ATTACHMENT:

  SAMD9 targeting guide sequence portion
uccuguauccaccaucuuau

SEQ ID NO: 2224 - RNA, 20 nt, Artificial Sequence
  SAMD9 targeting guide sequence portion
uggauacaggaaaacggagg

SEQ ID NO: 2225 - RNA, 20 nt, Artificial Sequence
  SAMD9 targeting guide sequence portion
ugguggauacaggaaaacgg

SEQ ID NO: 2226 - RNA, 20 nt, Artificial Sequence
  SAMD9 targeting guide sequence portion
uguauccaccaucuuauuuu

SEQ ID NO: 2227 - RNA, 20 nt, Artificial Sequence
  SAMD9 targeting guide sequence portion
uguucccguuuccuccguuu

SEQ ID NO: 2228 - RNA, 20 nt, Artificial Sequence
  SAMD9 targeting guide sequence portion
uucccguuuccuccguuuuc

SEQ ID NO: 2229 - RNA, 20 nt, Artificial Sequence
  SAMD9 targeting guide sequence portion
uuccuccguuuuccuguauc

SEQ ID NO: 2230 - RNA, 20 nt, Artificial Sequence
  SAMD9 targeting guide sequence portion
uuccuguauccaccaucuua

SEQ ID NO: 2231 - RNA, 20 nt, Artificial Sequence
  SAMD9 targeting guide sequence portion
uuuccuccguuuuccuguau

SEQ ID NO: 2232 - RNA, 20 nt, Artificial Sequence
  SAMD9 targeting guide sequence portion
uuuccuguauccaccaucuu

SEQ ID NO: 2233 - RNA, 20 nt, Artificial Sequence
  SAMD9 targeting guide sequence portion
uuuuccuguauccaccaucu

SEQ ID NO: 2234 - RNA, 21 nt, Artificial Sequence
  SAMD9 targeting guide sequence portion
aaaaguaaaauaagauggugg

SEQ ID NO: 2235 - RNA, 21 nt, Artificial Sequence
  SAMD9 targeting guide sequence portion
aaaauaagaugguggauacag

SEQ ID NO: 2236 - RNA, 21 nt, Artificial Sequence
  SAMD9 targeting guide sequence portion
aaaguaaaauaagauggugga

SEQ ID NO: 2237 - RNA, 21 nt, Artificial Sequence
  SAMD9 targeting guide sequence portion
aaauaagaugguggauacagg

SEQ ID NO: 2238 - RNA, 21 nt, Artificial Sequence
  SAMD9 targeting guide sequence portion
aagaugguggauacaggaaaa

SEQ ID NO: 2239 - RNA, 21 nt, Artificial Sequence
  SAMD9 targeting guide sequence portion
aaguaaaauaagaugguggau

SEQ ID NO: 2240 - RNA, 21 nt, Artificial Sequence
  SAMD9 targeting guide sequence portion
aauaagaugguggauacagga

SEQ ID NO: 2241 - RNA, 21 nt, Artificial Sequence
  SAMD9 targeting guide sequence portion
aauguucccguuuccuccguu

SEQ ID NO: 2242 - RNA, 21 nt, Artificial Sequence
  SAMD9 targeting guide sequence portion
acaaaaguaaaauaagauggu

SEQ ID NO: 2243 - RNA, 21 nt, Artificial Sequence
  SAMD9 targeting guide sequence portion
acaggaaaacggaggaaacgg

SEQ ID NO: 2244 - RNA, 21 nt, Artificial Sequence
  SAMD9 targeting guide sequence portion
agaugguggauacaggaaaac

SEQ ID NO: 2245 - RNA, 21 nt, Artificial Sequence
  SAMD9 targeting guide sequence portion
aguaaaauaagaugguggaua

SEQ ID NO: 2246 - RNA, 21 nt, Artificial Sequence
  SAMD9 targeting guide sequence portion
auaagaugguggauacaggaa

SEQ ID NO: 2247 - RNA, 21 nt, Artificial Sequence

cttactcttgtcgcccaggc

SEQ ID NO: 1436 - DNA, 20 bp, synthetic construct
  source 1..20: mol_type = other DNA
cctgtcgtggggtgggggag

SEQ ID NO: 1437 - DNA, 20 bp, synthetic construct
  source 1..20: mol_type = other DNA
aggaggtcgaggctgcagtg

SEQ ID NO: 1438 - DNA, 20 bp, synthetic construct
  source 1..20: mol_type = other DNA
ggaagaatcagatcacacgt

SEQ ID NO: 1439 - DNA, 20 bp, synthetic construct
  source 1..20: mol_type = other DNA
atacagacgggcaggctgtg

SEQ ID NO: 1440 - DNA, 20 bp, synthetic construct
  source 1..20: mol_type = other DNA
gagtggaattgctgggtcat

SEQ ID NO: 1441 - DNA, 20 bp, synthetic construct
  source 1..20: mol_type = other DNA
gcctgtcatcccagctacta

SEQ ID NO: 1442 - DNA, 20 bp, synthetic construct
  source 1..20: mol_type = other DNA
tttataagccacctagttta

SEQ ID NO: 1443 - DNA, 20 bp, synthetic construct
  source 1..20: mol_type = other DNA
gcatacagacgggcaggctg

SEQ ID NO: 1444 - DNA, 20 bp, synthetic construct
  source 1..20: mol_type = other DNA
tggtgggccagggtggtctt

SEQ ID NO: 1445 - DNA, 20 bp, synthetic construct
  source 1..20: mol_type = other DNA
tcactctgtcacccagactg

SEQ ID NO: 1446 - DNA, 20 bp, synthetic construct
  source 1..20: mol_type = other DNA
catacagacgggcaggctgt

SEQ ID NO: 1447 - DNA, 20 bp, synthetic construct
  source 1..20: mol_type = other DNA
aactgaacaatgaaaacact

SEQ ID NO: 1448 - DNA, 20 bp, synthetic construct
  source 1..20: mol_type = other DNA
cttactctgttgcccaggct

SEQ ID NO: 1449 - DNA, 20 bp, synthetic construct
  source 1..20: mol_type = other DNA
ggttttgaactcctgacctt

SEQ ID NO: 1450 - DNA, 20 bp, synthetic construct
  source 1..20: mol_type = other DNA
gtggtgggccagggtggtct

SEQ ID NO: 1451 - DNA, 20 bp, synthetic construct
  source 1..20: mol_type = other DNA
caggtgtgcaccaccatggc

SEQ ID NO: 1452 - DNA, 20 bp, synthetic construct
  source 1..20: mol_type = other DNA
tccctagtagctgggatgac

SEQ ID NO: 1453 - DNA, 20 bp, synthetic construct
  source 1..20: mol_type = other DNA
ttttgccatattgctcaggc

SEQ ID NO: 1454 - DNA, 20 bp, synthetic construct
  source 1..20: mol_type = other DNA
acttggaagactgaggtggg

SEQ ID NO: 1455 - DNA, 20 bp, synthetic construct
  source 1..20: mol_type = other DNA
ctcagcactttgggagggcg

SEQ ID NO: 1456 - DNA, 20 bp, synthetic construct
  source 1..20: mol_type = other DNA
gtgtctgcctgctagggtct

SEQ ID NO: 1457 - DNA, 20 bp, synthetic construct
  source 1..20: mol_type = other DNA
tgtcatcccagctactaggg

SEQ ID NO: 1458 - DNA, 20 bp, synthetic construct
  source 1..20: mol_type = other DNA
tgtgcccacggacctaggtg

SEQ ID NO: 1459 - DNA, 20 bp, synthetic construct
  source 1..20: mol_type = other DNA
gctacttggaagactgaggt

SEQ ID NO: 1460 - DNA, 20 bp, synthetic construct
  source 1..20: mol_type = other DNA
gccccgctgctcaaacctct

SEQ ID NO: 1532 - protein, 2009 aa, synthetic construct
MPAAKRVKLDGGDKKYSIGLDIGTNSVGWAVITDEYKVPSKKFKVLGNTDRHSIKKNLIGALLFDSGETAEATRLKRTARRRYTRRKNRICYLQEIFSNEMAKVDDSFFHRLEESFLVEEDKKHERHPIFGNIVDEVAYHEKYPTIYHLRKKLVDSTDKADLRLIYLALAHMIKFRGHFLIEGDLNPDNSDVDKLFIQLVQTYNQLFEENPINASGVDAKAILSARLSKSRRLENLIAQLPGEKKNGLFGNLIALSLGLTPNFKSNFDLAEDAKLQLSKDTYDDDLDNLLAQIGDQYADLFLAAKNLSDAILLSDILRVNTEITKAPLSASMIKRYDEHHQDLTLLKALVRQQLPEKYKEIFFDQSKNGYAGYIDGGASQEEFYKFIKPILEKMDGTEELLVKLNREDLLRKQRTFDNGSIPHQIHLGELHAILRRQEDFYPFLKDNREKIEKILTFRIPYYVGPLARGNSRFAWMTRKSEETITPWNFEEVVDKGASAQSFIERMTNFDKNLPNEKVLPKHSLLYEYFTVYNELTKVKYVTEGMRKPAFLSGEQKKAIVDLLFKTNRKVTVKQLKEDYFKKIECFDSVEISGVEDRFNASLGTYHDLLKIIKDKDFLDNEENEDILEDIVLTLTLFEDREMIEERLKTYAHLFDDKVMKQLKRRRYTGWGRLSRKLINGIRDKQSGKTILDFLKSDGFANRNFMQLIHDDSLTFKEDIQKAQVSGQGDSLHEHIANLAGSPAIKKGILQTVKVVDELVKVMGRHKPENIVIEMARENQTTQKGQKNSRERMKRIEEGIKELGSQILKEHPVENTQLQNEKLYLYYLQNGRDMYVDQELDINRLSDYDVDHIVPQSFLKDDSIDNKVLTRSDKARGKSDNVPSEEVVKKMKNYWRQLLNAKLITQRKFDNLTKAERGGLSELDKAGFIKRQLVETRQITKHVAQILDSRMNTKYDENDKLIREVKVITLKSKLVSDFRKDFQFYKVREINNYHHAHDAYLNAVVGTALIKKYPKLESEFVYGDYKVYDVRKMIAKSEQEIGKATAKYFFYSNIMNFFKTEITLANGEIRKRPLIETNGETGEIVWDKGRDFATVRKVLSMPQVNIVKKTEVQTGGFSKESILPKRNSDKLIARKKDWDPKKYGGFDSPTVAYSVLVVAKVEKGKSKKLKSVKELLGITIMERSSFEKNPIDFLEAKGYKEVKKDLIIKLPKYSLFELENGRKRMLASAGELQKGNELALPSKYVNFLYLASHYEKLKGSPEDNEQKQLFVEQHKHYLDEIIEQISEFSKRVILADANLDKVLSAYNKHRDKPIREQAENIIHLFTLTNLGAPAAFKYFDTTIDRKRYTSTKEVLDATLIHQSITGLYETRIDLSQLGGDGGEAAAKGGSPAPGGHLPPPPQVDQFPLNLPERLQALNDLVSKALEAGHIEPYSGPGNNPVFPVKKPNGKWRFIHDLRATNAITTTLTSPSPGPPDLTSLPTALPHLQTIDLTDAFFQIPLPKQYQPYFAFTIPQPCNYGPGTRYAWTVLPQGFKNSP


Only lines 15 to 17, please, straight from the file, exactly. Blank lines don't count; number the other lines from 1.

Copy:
SEQ ID NO: 2228 - RNA, 20 nt, Artificial Sequence
  SAMD9 targeting guide sequence portion
uucccguuuccuccguuuuc